Scientists demonstrated for the first time that horses integrate human facial expressions and voice tones to perceive human emotion, regardless of whether the person is familiar or not.
University of Kansas education professors have published a study showing that a comprehension-based strategy can help English learners improve their math word-problem solving abilities. The approach boosts reading comprehension and problem solving as well.
Individual speech sounds -- phonemes -- are statistically associated with negative or positive emotions in several languages, new research published in the journal Cognition by Bocconi Professor Zachary Estes, his Warwick colleague James Adelman and Bocconi student Martina Cossu shows. These associations help us quickly avoid dangers, because the phoneme-emotion associations are strongest at the beginning of the word and the phonemes that are spoken fastest tend to have a negative association
New research in the journal Child Development shows that parents can help their children perceive less hostility in their social world by framing social situations in a positive way, and thus, reduce their likelihood of behaving aggressively.
Previous research has shown the hunter-gatherer Jahai are much better at naming odors than Westerners. They even have a more elaborate lexicon for it. New research by language scientist Asifa Majid of Radboud University shows that despite these linguistic differences, the Jahai and Dutch find the same odors pleasant and unpleasant.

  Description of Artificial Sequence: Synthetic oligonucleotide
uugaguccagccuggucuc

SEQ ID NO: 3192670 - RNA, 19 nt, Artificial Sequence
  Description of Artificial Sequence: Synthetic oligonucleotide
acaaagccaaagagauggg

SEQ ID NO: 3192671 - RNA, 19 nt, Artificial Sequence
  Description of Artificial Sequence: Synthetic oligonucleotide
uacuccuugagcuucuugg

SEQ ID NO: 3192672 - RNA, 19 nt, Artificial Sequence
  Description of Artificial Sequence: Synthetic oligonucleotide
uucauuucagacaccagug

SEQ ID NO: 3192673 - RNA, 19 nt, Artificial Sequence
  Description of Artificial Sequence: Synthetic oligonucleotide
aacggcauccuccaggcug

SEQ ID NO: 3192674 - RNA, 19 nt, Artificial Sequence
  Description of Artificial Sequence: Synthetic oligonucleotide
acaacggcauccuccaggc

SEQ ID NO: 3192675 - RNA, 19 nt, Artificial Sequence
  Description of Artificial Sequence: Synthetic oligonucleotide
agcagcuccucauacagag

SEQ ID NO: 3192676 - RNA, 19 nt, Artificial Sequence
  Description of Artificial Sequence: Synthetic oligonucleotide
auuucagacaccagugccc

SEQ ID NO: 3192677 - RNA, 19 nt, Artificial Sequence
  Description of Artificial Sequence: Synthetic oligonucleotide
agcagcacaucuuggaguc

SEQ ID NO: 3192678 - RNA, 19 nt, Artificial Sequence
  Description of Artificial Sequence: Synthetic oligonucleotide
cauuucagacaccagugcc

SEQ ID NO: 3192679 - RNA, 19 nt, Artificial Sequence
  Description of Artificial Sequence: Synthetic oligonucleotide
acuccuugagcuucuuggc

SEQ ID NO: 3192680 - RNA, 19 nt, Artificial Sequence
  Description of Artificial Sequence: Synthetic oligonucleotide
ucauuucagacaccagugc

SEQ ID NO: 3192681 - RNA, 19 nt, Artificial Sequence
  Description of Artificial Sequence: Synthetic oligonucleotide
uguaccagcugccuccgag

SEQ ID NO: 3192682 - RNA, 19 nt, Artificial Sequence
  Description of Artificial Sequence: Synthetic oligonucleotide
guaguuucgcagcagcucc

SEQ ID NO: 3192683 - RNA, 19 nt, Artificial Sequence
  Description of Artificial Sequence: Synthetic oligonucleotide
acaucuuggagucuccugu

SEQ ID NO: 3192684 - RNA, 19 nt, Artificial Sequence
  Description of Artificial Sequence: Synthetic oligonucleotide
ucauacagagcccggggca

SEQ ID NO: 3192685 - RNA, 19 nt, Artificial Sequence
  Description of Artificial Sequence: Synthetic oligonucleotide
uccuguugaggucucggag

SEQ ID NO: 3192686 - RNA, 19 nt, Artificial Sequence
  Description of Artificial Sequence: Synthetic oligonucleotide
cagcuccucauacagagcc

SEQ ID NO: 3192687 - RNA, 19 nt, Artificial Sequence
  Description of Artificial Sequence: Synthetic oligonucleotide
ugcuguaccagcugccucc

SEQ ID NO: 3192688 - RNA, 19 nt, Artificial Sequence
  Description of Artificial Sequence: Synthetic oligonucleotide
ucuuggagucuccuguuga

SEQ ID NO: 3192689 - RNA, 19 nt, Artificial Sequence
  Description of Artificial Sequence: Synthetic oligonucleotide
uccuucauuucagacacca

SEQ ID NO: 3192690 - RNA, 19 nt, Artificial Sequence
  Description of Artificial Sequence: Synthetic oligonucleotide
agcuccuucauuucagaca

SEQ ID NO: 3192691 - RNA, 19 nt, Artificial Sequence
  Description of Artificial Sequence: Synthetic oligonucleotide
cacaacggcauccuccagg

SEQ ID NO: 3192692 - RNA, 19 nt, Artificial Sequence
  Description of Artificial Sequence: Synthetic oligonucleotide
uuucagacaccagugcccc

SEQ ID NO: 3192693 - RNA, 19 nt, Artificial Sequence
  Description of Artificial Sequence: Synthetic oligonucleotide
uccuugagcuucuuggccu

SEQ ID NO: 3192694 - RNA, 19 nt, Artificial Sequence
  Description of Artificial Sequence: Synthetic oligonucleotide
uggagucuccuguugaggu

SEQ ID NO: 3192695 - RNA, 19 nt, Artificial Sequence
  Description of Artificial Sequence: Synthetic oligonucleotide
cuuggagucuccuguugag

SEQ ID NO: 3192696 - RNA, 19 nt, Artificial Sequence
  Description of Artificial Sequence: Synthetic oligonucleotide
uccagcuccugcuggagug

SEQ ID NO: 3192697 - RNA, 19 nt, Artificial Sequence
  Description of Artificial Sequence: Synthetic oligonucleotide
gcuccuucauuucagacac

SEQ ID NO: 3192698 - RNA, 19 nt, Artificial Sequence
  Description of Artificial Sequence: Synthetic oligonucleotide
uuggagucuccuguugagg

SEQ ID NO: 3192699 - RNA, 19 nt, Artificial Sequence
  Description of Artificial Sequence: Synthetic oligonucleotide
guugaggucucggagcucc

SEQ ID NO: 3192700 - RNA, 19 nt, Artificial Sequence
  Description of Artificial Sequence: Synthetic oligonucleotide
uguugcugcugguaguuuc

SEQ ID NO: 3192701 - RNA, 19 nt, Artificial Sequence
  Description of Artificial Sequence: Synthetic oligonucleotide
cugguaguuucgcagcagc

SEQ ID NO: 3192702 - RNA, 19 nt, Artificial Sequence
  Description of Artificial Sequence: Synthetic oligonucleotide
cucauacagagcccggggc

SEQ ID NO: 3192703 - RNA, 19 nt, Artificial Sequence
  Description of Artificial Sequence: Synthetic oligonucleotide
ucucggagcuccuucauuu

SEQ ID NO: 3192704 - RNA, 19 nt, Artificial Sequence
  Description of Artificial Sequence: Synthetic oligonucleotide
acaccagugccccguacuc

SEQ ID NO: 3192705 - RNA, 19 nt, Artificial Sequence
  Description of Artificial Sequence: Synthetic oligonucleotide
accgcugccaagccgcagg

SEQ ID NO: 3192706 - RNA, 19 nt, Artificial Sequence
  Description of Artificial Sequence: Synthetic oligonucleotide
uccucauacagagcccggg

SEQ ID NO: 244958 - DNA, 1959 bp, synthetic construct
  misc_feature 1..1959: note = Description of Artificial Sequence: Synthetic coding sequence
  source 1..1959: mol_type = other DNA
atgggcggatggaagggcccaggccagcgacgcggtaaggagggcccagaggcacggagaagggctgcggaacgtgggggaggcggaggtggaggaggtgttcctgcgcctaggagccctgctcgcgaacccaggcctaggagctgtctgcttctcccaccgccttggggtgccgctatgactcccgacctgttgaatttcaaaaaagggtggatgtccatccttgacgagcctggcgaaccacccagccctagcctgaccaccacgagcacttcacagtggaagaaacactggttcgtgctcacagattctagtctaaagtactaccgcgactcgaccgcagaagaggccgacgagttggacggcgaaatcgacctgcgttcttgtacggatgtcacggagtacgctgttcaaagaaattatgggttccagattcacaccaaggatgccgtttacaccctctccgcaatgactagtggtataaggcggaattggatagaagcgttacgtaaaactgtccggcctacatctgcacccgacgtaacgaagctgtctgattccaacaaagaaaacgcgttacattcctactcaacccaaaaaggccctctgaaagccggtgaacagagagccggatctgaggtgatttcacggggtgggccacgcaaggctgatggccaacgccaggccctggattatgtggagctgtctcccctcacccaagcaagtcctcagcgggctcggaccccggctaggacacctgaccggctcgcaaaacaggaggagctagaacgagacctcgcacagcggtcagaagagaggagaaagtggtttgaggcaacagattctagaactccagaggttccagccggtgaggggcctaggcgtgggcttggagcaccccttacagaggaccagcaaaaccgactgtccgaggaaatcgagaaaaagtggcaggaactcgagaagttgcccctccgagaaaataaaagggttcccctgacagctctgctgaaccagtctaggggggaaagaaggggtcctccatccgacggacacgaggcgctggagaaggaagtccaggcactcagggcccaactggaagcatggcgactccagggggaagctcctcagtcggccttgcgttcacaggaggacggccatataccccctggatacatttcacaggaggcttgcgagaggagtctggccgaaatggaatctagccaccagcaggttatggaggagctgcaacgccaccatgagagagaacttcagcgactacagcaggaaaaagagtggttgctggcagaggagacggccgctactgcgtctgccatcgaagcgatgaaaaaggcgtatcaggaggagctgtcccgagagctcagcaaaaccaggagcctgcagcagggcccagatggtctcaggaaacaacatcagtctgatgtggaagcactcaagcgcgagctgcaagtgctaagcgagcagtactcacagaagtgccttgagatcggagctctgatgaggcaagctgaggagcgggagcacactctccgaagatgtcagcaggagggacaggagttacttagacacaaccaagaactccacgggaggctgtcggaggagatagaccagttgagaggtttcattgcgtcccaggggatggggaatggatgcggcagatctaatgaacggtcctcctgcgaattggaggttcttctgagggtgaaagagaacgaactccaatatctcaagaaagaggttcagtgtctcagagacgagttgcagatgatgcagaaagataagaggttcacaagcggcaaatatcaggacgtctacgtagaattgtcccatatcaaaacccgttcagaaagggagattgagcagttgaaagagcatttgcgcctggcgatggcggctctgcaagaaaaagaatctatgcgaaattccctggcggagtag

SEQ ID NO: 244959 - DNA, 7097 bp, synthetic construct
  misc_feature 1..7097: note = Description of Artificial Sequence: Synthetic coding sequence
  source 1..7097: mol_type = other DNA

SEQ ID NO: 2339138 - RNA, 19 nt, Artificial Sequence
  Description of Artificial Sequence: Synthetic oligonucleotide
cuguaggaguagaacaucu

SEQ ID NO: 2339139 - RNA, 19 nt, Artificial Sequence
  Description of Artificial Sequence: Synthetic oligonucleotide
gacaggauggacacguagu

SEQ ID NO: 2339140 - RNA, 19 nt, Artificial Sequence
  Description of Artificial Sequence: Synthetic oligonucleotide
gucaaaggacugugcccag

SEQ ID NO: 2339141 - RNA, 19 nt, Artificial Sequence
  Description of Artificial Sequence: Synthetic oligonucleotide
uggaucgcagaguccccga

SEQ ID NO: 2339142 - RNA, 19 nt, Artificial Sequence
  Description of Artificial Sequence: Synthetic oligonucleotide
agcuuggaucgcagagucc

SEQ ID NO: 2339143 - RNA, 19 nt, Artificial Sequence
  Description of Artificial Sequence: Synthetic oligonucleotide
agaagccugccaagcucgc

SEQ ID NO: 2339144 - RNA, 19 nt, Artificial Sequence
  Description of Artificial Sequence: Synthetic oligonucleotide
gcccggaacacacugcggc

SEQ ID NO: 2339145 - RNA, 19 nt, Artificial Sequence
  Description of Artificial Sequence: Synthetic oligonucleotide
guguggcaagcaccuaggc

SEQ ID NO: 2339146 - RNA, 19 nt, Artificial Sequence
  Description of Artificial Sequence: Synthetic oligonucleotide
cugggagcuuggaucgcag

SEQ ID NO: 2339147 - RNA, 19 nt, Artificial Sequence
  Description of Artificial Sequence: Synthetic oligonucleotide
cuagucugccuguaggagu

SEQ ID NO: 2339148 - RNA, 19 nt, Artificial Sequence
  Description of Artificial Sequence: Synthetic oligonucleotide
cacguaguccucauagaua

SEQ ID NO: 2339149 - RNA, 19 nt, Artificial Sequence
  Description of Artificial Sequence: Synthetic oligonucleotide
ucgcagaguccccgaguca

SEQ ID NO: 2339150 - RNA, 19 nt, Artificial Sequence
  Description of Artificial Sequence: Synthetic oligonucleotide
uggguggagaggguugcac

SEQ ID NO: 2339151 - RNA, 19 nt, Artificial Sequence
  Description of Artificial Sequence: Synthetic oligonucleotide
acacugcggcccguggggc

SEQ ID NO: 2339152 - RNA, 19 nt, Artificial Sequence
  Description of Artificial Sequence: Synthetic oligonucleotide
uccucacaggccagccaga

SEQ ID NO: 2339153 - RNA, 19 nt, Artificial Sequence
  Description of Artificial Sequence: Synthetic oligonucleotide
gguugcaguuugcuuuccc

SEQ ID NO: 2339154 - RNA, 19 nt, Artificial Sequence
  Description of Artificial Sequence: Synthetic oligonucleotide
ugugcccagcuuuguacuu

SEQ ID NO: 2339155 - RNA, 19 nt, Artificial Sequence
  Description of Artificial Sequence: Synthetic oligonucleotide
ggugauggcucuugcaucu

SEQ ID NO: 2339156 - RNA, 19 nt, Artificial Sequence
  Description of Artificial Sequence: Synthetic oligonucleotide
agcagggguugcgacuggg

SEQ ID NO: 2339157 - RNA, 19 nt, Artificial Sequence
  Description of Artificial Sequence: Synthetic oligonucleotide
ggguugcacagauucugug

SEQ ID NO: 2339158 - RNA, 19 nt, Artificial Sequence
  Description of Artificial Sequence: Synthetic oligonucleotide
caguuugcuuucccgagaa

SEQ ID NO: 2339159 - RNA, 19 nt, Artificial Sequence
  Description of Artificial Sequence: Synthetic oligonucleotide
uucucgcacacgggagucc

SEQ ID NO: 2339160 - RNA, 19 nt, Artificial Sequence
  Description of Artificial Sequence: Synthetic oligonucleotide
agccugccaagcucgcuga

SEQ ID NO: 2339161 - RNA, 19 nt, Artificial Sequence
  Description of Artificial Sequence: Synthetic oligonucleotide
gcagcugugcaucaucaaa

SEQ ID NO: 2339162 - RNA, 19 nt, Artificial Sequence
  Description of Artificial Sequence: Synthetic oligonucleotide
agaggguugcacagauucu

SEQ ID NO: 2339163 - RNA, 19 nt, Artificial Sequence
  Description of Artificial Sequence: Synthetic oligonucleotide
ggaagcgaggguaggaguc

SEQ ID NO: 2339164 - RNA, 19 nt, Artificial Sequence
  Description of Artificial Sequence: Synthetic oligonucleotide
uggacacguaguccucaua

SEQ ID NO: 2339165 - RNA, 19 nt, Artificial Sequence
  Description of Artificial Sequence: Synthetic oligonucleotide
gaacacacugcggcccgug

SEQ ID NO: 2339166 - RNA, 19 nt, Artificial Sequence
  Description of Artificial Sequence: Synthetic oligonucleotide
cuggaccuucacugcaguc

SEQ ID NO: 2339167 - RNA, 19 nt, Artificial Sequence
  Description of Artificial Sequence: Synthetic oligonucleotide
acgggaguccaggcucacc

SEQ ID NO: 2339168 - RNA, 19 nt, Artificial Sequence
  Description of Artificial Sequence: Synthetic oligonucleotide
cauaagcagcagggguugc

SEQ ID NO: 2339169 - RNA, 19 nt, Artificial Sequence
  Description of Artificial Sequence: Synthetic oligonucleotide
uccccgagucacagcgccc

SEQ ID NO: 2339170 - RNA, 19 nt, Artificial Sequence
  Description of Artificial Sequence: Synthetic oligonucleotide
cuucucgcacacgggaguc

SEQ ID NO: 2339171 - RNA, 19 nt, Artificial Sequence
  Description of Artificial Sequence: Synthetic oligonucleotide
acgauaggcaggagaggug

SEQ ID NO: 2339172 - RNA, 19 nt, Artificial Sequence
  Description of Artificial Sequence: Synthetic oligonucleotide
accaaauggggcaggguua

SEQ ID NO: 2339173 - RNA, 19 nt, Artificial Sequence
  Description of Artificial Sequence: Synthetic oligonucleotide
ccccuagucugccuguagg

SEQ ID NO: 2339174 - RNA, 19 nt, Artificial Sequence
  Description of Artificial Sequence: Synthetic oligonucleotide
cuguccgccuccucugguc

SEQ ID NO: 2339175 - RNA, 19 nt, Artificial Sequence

As more patients leave feedback on online platforms including social media, new research shows how health and social care organisations can offer value in their response. The study was led by University of Plymouth researcher Rebecca Baines and colleagues in collaboration with James Munro at online platform Care Opinion, and they will be sharing the full findings at a webinar on Thursday, June 21.
Multilingual students, who speak a language or more than one language other than English at home, have improved in reading and math achievement substantially since 2003, finds a new study published in Educational Researcher by Michael J. Kieffer, associate professor of literacy education at New York University.
According to the research conducted at the University of Helsinki, weekly music playschool significantly improved the development of children's vocabulary skills.
A Kansas State University linguistics team has found that people in southwest Kansas are developing a distinct accent.
A new study of the educational needs of students who are native users of American Sign Language (ASL) shows glaring disparities in their treatment by the US Department of Education. The article, 'If you use ASL, should you study ESL? Limitations of a modality-b(i)ased policy,' by Elena Koulidobrova (Central Connecticut State University), Marlon Kunze (Gallaudet University) and Hannah Dostal (University of Connecticut), will be published in the June 2018 issue of the scholarly journal Language.